Improving Control over Computer-use: Book Reviews (Excel Hacks; Cascading Style Sheets: the Definitive Guide; Wicked Cool Shell Scripts).
Hawley, David and Raina. Excel Hacks: 100 Industrial Strength Tips and Tools. O'Reilly; Sabastopol, CA. US$24.95. ISBN 0-596-00625-X
Meyer, Eric A. Cascading Style Sheets: the Definitive Guide; 2nd Edition. O'Reilly; Sabastopol, CA. US$39.95. ISBN 0-596-00525-3
Taylor, Dave. Wicked Cool Shell Scripts. No Starch Press; San Francisco. US$29.95. ISBN 1-59327-012-7
As an experiment, last year I sat a novice computer user in front of the iMac and said, "Go figure." Within a day or so, he learned to create graphics; a couple of days later, he used images in iMovie. After a week, the whole idea of the computer held no fear; but a plateau was reached. It was as I had expected: a new user can reach a certain level and then more sophisticated help is needed.
The books reviewed here are examples of that. Each of us may reach a certain everyday work-level with our more familiar appplications, but there is often much more that can be wrung from our computers once we have the guidance.
Sometimes I use Excel and a number of Excel clones, but once the students' marks are calculated, my job is complete. I worked once with a mathematician who showed me how to produce charts and graphs and how to milk the statistics. Then I lost his notes. Excel Hacks, like many in the O'Reilly "Hacks" series, provides several ways to increase the efficiency of working in Excel.
Some of the hacks have several ways to tackle a problem: although the cover claims 100 tips, there are more. I particularly liked the hack that enabled one to display a date in the form "4th August 2004" which Excel cannot do.
Even using a simple formula or macro can turn the basic spreadsheet into a document that uses data far more effectively, once you know how: sections on these are large and sophisticated. In line with other books in this series, Excel Hacks is well-illustrated with screen shots (mainly from XP) and with a goood index.
I have been writing web pages for a number of years now and still prefer the hand-written approach. This means, inevitably, that the pages are simpler (but quicker to download) and have limited effects. I prefer information to eye-candy.
I try to impose a certain style over each group of pages that appear on my web-site (teaching, eXtensions, motorcycles) and this means a lot of copy and paste -- much repetition -- as well as rewriting the same code over and over again.
The cascading style sheet means that the coding for the page-style need be written once only, in a script page that is read by the browser: all pages below are displayed in the same way (unless another script page at a lower level over-rides the first). The pages themselves are thus lighter and also quicker to display.
Eric A. Meyer is to be congratulated for the second edition of his work on this area. The concepts are simple to grasp; and the graded development of the chapters makes it easy to follow the approach, from the basic elements of web style through to the more complex.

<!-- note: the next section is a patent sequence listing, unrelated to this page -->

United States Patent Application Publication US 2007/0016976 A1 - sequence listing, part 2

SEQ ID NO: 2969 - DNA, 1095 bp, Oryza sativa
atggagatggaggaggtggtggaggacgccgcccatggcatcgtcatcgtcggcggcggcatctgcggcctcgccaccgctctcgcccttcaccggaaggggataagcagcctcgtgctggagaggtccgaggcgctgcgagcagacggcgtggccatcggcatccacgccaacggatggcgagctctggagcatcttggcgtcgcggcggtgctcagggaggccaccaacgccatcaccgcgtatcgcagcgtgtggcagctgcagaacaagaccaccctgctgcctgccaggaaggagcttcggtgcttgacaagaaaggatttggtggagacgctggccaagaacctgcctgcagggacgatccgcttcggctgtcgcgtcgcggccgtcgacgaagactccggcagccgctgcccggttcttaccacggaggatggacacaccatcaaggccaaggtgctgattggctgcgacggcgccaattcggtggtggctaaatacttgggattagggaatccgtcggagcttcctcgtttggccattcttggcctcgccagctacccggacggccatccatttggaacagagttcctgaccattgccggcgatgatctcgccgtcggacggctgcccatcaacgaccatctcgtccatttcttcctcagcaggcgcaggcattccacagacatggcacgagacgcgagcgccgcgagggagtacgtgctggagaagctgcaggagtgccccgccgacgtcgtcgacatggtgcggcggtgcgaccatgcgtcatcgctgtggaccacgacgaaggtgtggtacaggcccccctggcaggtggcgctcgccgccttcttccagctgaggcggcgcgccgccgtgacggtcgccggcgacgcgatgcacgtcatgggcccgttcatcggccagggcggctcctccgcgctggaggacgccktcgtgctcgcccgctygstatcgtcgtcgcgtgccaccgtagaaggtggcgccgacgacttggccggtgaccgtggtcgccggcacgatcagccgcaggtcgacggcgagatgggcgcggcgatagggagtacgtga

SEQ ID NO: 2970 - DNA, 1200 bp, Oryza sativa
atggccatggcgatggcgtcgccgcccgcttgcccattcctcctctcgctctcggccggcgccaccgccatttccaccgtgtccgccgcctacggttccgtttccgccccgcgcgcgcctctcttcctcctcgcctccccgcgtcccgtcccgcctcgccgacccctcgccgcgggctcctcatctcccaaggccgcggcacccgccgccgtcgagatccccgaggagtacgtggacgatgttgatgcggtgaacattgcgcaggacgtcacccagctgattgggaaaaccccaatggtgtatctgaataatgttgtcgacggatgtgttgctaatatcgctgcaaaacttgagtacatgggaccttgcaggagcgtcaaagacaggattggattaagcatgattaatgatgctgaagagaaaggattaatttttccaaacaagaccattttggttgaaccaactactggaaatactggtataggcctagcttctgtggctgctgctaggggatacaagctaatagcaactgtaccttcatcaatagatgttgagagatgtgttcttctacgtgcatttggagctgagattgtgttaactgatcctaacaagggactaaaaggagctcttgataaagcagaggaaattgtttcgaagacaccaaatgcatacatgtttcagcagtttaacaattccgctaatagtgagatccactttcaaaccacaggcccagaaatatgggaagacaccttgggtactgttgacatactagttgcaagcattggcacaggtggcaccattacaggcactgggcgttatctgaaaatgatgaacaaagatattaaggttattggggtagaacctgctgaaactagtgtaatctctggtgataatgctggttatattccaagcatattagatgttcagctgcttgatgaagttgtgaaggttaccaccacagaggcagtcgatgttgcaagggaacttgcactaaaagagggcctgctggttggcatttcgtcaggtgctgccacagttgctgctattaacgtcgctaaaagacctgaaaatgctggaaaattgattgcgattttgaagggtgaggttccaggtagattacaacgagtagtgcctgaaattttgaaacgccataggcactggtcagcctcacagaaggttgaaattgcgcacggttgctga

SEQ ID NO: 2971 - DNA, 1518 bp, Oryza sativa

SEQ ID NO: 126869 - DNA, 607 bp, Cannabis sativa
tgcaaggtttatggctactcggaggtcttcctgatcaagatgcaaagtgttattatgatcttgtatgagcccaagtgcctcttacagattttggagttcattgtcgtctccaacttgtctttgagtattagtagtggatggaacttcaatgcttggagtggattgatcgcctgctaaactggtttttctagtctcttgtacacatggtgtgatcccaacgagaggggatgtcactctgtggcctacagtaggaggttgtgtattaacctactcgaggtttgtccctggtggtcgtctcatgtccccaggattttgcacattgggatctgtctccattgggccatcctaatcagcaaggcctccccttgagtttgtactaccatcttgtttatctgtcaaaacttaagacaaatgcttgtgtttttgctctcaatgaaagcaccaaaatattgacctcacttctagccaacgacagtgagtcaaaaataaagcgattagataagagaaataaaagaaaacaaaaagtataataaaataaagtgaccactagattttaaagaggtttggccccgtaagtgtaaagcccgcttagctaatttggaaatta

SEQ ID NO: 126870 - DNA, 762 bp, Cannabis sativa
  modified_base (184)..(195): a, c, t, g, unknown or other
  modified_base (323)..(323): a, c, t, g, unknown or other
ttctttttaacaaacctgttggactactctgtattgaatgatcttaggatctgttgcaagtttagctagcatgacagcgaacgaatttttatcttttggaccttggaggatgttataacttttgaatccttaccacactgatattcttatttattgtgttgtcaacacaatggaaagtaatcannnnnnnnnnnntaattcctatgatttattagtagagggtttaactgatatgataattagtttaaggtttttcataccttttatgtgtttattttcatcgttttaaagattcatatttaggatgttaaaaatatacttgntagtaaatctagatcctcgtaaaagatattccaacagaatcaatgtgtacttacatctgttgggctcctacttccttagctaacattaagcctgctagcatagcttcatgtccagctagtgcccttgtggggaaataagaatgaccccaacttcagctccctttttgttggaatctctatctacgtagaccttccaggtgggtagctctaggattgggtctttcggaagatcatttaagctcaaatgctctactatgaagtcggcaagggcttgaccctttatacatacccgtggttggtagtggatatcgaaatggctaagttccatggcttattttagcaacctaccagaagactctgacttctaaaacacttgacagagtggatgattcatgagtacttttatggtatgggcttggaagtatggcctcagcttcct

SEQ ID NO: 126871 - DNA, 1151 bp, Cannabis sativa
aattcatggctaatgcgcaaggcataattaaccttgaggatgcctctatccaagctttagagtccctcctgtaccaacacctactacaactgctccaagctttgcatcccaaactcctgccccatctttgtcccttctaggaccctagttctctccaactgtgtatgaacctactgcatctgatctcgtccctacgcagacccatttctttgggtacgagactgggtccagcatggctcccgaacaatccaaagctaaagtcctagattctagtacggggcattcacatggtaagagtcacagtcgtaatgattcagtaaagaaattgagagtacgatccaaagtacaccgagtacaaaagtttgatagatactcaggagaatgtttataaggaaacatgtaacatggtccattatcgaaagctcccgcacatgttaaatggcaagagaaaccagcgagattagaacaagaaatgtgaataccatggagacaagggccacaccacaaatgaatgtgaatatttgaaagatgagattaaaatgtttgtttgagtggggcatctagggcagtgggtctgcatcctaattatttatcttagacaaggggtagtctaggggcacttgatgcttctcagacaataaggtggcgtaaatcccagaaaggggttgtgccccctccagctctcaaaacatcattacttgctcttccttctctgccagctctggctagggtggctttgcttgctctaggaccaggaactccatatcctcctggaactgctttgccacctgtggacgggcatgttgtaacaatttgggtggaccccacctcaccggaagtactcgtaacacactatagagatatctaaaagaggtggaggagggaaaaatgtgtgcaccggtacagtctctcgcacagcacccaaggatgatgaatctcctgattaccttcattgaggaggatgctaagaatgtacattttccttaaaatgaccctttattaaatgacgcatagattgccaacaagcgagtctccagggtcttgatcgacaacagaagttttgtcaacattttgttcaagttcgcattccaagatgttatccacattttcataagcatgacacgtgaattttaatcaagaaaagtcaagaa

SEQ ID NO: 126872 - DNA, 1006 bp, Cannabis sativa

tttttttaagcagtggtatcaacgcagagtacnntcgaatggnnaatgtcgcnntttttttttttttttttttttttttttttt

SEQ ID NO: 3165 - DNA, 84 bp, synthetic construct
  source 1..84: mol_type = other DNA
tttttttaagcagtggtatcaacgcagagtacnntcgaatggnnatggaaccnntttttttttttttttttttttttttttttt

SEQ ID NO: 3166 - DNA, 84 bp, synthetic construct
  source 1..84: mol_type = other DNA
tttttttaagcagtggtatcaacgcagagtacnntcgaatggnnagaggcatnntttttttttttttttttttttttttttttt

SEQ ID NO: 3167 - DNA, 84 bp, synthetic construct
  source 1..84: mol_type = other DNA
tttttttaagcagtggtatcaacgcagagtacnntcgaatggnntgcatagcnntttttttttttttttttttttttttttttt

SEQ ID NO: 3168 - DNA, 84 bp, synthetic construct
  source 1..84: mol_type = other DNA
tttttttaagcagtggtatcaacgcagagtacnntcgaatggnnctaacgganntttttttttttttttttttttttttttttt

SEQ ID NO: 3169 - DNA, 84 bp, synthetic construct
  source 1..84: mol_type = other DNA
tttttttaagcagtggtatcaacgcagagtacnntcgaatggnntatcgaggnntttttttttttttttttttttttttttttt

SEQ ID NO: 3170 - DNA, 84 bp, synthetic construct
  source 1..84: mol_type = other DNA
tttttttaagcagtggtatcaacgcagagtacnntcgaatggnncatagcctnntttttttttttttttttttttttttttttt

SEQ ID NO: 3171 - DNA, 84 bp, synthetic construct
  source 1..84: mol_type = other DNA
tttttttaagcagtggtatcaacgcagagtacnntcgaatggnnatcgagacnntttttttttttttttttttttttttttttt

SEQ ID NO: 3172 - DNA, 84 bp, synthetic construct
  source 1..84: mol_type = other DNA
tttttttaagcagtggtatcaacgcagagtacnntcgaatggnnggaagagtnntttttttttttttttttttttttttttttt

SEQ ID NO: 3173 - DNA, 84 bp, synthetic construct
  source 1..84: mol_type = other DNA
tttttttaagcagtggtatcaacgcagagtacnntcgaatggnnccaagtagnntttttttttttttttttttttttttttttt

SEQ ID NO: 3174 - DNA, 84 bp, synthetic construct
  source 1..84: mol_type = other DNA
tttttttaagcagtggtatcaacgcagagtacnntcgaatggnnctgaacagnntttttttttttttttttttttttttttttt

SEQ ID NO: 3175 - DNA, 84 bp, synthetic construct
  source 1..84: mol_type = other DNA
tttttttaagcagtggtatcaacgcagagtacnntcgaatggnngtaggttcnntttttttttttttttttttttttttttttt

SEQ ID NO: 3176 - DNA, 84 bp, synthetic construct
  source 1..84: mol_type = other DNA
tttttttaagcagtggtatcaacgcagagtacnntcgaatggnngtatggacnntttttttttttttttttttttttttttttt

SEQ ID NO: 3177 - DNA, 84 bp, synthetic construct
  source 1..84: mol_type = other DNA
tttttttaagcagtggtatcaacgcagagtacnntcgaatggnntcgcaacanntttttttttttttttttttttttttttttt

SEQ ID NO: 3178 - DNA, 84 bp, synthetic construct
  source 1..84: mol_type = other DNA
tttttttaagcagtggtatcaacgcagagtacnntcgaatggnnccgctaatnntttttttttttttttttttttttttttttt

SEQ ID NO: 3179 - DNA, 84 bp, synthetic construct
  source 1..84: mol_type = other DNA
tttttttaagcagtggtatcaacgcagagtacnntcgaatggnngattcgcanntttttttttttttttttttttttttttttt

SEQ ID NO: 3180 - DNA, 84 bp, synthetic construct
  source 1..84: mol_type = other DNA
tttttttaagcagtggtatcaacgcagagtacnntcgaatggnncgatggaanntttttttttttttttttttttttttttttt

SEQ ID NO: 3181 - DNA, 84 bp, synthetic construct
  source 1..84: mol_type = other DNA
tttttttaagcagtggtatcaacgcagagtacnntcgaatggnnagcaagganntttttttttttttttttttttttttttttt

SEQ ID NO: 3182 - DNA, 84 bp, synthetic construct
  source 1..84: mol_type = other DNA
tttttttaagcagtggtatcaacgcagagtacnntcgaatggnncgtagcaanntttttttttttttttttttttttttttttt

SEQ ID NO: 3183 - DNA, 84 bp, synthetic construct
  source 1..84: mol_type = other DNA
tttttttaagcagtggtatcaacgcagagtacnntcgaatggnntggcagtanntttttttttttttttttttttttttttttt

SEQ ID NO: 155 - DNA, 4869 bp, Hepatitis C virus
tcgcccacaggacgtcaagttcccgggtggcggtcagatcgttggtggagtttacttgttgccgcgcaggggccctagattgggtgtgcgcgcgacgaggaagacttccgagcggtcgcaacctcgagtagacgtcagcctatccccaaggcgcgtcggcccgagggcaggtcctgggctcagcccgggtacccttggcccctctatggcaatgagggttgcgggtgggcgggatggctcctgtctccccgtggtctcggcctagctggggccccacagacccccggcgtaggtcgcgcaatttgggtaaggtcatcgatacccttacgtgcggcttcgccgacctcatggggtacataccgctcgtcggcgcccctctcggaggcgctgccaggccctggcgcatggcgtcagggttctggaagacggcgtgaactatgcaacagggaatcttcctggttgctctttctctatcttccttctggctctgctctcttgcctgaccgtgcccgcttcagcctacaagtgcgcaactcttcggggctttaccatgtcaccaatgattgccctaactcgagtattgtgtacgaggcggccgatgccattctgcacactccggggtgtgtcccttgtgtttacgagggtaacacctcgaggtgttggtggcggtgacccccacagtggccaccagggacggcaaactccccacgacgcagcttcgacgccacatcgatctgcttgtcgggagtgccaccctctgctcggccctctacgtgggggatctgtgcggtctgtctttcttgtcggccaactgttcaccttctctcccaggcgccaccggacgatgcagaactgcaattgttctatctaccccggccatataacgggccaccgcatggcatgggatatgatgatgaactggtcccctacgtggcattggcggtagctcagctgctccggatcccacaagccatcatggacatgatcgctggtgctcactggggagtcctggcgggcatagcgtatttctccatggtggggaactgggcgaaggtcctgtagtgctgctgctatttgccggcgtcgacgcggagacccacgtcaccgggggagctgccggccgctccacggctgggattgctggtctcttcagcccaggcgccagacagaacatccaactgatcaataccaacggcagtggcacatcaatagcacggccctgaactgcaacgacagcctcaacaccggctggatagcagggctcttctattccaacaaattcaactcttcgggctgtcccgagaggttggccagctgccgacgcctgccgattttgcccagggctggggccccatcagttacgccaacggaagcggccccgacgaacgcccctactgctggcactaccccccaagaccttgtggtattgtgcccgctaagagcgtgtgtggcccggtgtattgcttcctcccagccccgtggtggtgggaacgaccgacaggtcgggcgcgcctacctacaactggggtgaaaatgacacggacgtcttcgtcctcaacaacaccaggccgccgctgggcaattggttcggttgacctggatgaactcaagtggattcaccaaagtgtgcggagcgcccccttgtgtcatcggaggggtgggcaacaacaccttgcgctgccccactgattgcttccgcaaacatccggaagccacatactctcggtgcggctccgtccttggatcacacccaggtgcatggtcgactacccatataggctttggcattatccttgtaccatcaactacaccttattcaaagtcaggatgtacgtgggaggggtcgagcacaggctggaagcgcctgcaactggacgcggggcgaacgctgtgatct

The tone of the book made reading a pleasure, for what could be a difficult subject. With some web-writing experience, I found that I could imagine the way new sites should be developed to comply with the World Wide Web Consortium (W3C) guidelines. Meyer is not a boring writer.
I would suggest that those who need to write pages for new sites consider a copy of this book, although (on a personal level) I dread rewriting an entire site to comply with new standards. That is going to take some spare time and a deeper reading of Meyer's book to make sure I have it right.
Dave Taylor is obviously a man who enjoys working in UNIX and, like Eric A. Meyer (above) is a witty writer. Trying to make command line work and scripts appear interesting, is no mean task. He also has some firm ideas on what is what in these operating systems, steering the reader away quickly from the C Shell (Csh) which some may not aggree with.
The purpose of Taylor's scripts (indeed, any scripts) is to make work easier. To write a script for UNIX, however, takes a good familiarity with the operating system and the shell. Like Excel Hacks Taylor provides several problems and then provides the solution for each. The scripts themselves are fairly complex and need careful reading and/or copying.
Sections include scripts on Administration of the system (system maintenance and user management) as well as four chapters on Web tasks. When it comes to the chapter on Mac OSX, it is clear that Taylor admires what this UNIX with a graphical user interface is. To some extent, the scripts he provides here may be redundant but from online sources it is clear that many users actually prefer working at the command line in OSX. I can manage, but prefer the easy way out when available.
Wicked Cool Shell Scripts is useful book for a student library or the collection of someone who is beginning to move to Linux or UNIX.
Some readers have asked about ordering books. I would suggest either a local boookshop (which may be slow) or online from the publisher or Amazon using a credit card and with the book sent airmail
For further information, e-mail to Graham K. Rogers.
To eXtensions: Book Reviews
To eXtensions: Year One
Back to homepage